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Title WEX21C
Work experience as an education and training strategy: New approaches for the 21st century
Aspect
Concept Trends Findings Practice Challenge
Synopsis The policy analyses have revealed major issues in promoting work experience:

(1) A shortage in the number and quality of placements is an increasing problem, thus forcing a search for alternatives. The problem of quality was described variously but there was agreement in attributing low quality to low levels of training of workplace instructors and supervisors and lack of industrial experience of school teachers. However, the project has developed, inter alia, a new approach to quality in work experience which represents a considerable step forward from prevailing ‘bureaucratic’ and ‘mechanistic’ approaches. It provides a means of mapping an integrated approach to quality which is based on learning considerations and which requires explorations well beyond an exchange of information about the ‘quality’ of learning: it opens ways of supporting and encouraging greater innovation in practice.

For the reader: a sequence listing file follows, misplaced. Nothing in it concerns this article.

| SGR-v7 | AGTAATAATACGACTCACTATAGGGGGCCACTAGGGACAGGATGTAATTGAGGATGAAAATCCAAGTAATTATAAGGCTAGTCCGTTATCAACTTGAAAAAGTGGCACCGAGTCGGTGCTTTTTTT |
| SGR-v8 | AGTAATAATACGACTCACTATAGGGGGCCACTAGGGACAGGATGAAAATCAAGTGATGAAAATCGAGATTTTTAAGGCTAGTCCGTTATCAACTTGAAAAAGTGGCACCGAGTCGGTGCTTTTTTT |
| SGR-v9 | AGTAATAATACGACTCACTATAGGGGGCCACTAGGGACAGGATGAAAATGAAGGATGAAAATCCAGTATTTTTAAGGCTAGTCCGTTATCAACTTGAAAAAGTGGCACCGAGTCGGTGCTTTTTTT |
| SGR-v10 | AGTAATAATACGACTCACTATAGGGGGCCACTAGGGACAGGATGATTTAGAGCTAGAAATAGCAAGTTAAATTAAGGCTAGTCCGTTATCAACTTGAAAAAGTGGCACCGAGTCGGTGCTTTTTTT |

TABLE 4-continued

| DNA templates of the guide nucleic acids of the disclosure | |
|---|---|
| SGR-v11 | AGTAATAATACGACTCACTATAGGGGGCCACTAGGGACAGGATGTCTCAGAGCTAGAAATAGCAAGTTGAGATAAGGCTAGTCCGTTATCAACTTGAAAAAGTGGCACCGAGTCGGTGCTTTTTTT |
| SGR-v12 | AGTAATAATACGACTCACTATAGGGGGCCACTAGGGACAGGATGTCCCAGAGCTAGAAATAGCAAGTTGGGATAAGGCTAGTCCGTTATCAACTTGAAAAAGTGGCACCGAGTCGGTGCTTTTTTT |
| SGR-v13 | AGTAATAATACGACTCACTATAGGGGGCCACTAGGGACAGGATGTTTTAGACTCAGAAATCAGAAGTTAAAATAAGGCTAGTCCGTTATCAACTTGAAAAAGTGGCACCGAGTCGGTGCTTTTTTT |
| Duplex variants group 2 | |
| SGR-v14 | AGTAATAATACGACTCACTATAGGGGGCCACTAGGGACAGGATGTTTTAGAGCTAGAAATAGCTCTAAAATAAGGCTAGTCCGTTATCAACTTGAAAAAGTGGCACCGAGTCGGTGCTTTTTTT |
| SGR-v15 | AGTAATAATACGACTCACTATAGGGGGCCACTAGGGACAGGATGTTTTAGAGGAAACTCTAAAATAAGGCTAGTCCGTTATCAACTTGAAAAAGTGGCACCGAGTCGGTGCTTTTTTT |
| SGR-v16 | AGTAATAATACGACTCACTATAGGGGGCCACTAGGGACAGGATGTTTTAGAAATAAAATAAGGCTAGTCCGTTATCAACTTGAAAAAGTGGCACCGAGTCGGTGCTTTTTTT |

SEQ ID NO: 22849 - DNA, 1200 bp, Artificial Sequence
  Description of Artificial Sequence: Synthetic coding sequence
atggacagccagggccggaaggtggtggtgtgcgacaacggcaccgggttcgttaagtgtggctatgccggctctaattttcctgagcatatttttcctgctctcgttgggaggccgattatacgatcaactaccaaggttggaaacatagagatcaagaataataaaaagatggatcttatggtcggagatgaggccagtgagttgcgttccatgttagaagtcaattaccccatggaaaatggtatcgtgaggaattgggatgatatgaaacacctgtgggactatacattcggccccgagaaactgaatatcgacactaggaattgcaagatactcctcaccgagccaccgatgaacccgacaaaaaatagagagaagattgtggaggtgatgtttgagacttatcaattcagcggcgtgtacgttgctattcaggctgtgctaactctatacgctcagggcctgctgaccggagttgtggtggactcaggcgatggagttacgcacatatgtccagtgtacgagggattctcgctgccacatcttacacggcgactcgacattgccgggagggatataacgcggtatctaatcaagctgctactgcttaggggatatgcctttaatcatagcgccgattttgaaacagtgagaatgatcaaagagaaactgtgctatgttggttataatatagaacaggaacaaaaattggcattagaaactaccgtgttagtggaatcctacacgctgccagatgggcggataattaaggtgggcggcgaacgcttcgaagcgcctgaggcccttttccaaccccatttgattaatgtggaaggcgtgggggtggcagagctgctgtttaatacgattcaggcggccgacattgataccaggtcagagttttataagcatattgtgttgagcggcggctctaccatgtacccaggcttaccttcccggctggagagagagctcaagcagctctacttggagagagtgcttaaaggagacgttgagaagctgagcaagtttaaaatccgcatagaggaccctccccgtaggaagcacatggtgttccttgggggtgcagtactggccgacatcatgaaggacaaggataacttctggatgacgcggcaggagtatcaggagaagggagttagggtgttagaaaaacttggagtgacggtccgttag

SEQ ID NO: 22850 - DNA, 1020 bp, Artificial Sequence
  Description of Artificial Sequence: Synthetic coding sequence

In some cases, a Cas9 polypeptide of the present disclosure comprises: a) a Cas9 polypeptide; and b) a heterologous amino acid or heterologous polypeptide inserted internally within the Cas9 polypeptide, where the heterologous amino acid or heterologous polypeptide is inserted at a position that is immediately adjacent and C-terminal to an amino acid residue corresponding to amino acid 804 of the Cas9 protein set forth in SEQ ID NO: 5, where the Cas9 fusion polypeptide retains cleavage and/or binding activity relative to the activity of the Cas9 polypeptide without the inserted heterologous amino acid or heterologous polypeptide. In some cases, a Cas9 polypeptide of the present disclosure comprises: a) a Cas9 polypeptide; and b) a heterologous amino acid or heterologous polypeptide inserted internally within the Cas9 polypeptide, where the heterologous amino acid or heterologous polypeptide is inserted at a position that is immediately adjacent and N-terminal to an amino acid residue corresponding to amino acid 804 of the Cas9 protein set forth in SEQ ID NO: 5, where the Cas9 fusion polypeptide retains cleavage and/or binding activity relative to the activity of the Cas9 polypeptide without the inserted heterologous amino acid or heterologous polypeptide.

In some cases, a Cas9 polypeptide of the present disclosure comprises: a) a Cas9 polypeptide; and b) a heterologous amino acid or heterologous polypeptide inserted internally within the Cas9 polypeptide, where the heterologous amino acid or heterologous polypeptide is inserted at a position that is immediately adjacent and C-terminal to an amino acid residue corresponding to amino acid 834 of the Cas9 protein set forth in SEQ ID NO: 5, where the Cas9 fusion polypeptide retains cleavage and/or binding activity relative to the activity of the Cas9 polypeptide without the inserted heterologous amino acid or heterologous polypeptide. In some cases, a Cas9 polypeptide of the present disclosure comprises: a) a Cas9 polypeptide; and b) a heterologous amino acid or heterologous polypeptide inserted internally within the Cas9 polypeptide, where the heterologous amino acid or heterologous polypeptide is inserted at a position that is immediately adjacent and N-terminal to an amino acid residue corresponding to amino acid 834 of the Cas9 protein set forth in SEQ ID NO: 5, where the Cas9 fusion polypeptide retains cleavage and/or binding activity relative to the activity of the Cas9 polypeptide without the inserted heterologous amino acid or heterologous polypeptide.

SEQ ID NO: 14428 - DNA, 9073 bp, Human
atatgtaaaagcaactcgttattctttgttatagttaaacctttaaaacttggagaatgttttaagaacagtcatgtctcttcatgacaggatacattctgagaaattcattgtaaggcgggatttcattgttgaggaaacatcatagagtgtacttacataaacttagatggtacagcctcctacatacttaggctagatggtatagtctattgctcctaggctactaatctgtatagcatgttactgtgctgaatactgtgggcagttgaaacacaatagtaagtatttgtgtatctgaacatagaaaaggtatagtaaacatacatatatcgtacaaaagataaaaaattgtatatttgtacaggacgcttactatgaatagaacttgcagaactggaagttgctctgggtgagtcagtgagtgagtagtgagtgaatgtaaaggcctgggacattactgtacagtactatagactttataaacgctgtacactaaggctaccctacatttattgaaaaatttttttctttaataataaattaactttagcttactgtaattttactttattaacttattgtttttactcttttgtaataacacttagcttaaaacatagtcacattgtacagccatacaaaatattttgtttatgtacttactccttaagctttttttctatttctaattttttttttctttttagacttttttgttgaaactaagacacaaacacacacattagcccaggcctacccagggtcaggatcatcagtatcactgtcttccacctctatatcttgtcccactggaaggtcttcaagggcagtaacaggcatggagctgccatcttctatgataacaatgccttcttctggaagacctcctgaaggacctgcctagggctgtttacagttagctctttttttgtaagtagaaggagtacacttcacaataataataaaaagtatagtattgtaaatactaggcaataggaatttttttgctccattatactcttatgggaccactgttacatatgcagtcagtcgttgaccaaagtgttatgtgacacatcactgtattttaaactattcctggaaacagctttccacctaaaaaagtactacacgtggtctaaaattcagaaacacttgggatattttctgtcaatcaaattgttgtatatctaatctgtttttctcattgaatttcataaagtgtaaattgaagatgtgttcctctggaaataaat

(2) Another problem lay in the inadequately defined roles and responsibilities of education and business partners in organising and delivering work experience. There was a widely expressed need to strengthen the links between these partners, however much those links varied between countries. The Swedish policy study in fact questions how far the general wish for education-business links is actually expressed in practice and notes a widening gap between the two.

(3) The studies have consistently shown the barrier of the academic/vocational divide which persists in different manifestations and which continues to impinge upon the status and functions of work experience. There is a general concern to increase the esteem of occupational and vocational learning in the face of increasing participation in university education and, interestingly, something of a trend to regard higher education as part of the school to work transition process. 

(4) A particular case in point concerns the question of learning outcomes. The UK policy analysis noted that policy emphasis on outcomes and qualifications was in effect shifting the focus from the learning process. The analysis concluded that a narrow focus on outcomes might be counter-productive in emphasising the outcome at the expense both of the process of learning and of the relationship between different types of learning (ie, formal and informal). Thus, the question of improving learning as such through informal learning will continue to be difficult for policy makers. 

Reference Further results of the policy analyses are set out in the final project report (Griffiths et al. 2001, pp. 21-28).
See also project info on WEX21C.
Descriptors D-WBL            
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Editor: Sabine Manning  © WIFO